South Korea fears disruption of its oil supply if it gives in to demand for tougher sanctions.
Seoul squeezed between US and Iran
BEIJING // Efforts to enforce UN resolutions demanding that Iran stop uranium enrichment pose quandaries for many countries with ties to the Islamic Republic. For South Korea, the dilemma is especially difficult. On the one hand, trade between South Korea and Iran amounts to $10 billion (Dh3.7bn) annually, making it one of Seoul's leading trading partners in the Middle East. On the other hand, South Korea's most important defence ally, the US, wants it to impose sanctions against Tehran beyond those required by the UN Security Council. Either way, Seoul stands to get pinched.
"South Korea may be in the realm of bad choices, without good policy choices here," said Daniel Pinkston, a nonproliferation expert for the International Crisis Group. Iran's ambassador to Seoul warned on Saturday that South Korea will regret it if it follows the US in applying stricter sanctions on Iran. "If restrictions are going to be taken by the other party (South Korea), we are not going to sit idle," Mohammad Reza Bakhtiari told South Korea's JoongAng Ilbo newspaper. Seoul's response to Washington's request will be a barometer of the future of South Korean-Iranian relations, he said.
It is not known exactly what measures the Obama administration has asked Seoul to take against Iran. According to news reports, however, it has asked South Korean authorities to close the Seoul branch of Bank Mellat, the only Iranian bank in South Korea, citing its involvement in Iranian nuclear activities. Speculation that the South Korean government will join in tougher sanctions against Tehran has left South Korean firms fretting. They are keen to invest in Iran's petrochemical and construction sectors. The latter already amounts to several billion dollars each year.
What South Korea fears most, however, is that Iran will retaliate by restricting its oil supplies, said Kim Yong-hyun, a security expert at Dongguk University in Seoul. South Korea imports 100 per cent of its crude oil from abroad, including some 10 per cent from Iran. If South Korea joins the sanction, Iran might retaliate by halting its oil sales, Mr Kim said. The situation will worsen if other nations with close ties to Iran follow suit, he said.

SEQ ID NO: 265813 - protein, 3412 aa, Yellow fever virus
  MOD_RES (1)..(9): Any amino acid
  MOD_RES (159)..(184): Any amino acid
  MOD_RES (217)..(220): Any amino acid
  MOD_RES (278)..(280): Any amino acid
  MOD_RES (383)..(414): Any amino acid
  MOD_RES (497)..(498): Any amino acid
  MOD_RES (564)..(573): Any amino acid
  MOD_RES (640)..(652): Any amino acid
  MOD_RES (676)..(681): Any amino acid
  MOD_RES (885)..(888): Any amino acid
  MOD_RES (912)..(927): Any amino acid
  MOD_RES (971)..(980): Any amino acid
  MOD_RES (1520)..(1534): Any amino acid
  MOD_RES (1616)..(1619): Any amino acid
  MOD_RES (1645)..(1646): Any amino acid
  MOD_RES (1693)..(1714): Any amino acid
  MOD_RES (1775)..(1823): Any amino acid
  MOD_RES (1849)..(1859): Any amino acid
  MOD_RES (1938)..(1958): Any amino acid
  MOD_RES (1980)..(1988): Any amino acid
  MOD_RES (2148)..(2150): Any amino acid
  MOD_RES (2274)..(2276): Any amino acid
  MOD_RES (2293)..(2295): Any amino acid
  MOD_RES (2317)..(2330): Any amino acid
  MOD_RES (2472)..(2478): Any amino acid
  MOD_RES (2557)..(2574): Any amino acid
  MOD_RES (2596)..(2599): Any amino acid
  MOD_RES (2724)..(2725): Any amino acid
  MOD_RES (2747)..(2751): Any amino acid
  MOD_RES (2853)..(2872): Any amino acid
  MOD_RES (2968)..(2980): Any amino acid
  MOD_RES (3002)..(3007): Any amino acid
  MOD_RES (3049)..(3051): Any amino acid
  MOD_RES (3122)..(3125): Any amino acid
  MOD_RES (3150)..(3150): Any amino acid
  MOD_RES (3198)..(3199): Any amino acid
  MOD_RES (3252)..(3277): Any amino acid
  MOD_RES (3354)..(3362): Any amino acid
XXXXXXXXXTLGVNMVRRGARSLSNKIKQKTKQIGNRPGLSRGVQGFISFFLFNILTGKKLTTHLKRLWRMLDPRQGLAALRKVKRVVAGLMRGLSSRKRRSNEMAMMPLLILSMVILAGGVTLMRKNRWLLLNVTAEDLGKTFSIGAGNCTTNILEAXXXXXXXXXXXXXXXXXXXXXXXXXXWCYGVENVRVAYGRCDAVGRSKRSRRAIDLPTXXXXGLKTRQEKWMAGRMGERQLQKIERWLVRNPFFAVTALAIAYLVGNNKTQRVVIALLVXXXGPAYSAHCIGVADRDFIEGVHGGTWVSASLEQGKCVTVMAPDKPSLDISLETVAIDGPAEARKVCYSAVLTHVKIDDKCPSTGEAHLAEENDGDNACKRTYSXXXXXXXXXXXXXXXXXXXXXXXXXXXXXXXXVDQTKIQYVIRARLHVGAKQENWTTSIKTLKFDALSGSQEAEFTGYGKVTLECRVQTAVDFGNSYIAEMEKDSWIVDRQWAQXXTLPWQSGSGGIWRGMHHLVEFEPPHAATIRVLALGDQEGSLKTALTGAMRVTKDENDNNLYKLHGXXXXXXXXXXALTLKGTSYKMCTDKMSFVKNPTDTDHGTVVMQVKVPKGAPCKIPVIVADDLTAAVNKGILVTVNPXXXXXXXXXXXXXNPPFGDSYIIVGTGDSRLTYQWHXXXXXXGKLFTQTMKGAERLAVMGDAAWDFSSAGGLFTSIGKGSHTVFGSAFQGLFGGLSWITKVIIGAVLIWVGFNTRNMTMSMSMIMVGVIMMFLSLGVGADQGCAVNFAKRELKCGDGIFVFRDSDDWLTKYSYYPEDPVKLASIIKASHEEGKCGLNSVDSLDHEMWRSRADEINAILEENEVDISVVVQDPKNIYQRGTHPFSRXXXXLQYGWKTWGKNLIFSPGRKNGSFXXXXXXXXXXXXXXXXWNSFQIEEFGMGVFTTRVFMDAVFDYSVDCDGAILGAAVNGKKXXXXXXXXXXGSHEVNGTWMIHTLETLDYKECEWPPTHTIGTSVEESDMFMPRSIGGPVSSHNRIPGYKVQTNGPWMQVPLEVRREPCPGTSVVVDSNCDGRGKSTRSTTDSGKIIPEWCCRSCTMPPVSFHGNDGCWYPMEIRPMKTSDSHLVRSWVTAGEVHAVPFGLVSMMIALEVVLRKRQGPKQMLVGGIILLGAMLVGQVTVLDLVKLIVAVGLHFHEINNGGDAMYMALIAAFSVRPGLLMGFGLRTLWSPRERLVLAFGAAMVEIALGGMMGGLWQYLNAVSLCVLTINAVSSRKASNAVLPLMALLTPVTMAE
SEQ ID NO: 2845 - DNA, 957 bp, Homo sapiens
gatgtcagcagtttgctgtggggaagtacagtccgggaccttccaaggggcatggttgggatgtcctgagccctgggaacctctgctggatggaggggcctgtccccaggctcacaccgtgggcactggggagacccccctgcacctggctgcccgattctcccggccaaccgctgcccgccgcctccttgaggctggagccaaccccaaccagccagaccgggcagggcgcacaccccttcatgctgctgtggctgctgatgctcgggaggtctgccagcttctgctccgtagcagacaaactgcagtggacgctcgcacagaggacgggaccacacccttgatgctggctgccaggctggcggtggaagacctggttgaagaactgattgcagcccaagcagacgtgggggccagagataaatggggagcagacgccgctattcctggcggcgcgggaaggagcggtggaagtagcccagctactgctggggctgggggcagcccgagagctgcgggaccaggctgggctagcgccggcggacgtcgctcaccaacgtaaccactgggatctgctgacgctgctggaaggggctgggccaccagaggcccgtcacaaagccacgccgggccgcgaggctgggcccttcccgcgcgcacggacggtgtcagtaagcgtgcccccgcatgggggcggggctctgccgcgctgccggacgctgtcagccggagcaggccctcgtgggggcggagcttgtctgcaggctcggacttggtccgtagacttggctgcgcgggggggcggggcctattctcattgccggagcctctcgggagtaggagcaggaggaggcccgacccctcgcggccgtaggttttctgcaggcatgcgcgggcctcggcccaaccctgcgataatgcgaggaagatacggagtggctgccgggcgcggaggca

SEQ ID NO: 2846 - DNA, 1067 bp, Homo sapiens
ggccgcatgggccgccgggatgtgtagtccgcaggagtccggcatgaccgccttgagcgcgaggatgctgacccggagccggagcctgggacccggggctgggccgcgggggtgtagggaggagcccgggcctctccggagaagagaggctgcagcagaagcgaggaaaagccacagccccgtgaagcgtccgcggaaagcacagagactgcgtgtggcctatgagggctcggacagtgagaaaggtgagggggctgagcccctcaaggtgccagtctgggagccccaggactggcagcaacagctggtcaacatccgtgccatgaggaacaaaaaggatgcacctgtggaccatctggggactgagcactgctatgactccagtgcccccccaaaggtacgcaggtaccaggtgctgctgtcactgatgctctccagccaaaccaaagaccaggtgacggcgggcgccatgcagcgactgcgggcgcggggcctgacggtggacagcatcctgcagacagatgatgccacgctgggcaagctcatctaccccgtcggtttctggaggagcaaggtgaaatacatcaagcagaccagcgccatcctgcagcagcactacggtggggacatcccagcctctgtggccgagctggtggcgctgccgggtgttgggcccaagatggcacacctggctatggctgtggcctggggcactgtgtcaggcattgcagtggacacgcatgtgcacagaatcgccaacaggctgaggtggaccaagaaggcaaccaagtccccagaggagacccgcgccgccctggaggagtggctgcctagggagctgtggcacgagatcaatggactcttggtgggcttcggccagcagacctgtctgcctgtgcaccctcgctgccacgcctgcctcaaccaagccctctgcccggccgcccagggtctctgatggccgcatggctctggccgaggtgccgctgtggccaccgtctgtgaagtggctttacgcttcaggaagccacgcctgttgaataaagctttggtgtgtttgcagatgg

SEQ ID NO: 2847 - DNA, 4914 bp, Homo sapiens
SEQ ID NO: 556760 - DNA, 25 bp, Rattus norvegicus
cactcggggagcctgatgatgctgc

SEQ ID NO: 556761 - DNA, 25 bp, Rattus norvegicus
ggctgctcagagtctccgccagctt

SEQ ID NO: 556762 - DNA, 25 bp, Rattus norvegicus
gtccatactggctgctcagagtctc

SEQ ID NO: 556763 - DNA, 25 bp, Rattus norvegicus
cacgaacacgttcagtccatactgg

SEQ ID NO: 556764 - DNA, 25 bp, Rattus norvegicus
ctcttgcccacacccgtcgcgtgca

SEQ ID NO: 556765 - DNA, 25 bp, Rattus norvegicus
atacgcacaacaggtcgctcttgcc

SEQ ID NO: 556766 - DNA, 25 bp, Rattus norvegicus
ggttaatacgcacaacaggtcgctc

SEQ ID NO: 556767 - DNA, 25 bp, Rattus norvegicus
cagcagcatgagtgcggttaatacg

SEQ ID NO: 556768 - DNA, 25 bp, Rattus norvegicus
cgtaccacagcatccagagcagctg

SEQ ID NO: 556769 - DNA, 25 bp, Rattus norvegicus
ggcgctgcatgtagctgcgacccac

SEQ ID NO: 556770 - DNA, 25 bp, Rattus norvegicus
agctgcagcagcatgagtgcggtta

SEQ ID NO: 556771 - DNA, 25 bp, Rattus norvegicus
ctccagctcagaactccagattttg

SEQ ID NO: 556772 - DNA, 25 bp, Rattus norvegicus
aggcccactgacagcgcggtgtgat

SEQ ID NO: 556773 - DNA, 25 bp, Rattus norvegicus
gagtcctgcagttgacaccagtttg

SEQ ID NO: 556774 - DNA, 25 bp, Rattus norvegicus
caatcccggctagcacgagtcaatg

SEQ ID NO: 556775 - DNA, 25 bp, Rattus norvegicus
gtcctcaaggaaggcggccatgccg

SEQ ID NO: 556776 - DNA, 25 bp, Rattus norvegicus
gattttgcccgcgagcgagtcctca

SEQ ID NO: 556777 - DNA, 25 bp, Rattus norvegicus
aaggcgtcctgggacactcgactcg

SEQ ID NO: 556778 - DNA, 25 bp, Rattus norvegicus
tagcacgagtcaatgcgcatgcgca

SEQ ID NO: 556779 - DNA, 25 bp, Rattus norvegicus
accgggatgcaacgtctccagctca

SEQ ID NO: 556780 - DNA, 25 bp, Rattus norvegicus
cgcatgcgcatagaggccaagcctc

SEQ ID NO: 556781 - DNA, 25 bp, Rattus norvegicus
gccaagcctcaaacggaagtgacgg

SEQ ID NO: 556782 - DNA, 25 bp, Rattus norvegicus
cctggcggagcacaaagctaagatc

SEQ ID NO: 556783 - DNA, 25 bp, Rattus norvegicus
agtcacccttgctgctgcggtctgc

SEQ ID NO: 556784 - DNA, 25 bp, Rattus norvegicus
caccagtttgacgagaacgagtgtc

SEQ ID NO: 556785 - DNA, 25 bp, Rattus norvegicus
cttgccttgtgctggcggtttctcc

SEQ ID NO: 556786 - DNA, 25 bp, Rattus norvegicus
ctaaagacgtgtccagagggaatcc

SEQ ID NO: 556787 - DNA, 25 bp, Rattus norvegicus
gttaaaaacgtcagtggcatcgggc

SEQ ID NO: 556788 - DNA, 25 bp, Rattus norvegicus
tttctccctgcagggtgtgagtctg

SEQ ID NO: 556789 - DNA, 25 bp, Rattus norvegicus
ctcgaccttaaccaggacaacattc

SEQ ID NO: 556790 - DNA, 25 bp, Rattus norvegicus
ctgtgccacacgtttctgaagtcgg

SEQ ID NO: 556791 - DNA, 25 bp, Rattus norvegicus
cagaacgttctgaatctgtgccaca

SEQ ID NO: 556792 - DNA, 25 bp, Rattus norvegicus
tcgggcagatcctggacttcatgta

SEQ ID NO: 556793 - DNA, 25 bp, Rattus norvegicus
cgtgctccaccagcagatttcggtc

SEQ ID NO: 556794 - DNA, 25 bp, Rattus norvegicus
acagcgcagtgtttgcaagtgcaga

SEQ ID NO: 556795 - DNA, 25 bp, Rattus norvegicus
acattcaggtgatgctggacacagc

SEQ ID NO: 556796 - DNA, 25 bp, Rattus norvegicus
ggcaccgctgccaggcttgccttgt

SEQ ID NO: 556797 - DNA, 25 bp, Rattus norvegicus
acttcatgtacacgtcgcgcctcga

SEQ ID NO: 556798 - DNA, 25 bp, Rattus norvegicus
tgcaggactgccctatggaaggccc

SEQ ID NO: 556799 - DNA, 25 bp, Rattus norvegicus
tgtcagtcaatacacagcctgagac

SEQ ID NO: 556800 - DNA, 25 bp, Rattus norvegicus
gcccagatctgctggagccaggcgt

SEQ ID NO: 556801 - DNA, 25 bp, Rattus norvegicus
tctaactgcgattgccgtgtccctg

The country's dependence on Middle Eastern crude oil stood at 84.2 per cent in the first quarter 2010, the state-run Korea National Oil Corporation (KNOC) said. Some see the president Lee Myung-bak's efforts to draw closer to Washington as part of the problem. Historically, South Korea has struck a delicate balance in its ties with Iran. However, Mr Lee's pro-US position has put South Korea's economy, the world's 15th-largest, in unusually perilous ground, South Korea's anti-government Hankyoreh newspaper said.
"This is where the interests of the US and South Korea differ. As a US ally, it's difficult for South Korea to be exempted from joining the sanction when Japan is already in," Mr Kim said, adding that the only way out of the quandary is to explain to both Tehran and Washington its unusual position. "South Korea should explain to Iran the special alliance Seoul has with Washington in their deterrence against North Korea, while it should also make Washington understand its economic dilemma with Iran," Mr Kim advised.
Some analysts suggested that given the danger to the Middle East presented by nuclear weapons in Iranian hands, Seoul had little choice. "As an ally to the US, I understand South Korea is in a dilemma," said Wang Fan, the director of institute of international relations at China Foreign Affairs University under the Foreign Ministry, calling on South Korea to act "according to its national interest."
Mr Pinkston, of the International Crisis Group, believes South Korea's national interest lies in joining the US in levying tougher sanctions. "It's costly in the short run, but it's South Korea's real interest in the long run if Iran changes its nuclear proliferation behaviour. It's pretty short-sighted to continue business as usual with Iran, whose policy is very destabilising in the Middle East and which has had long ongoing co-operation with North Korea," he said.
Mr Pinkston recognised, however, that this was easier said than done for Seoul. "South Korea has to make a decision," he said. "It's unfortunate. But that's just the unpleasant reality of the international security." email@example.com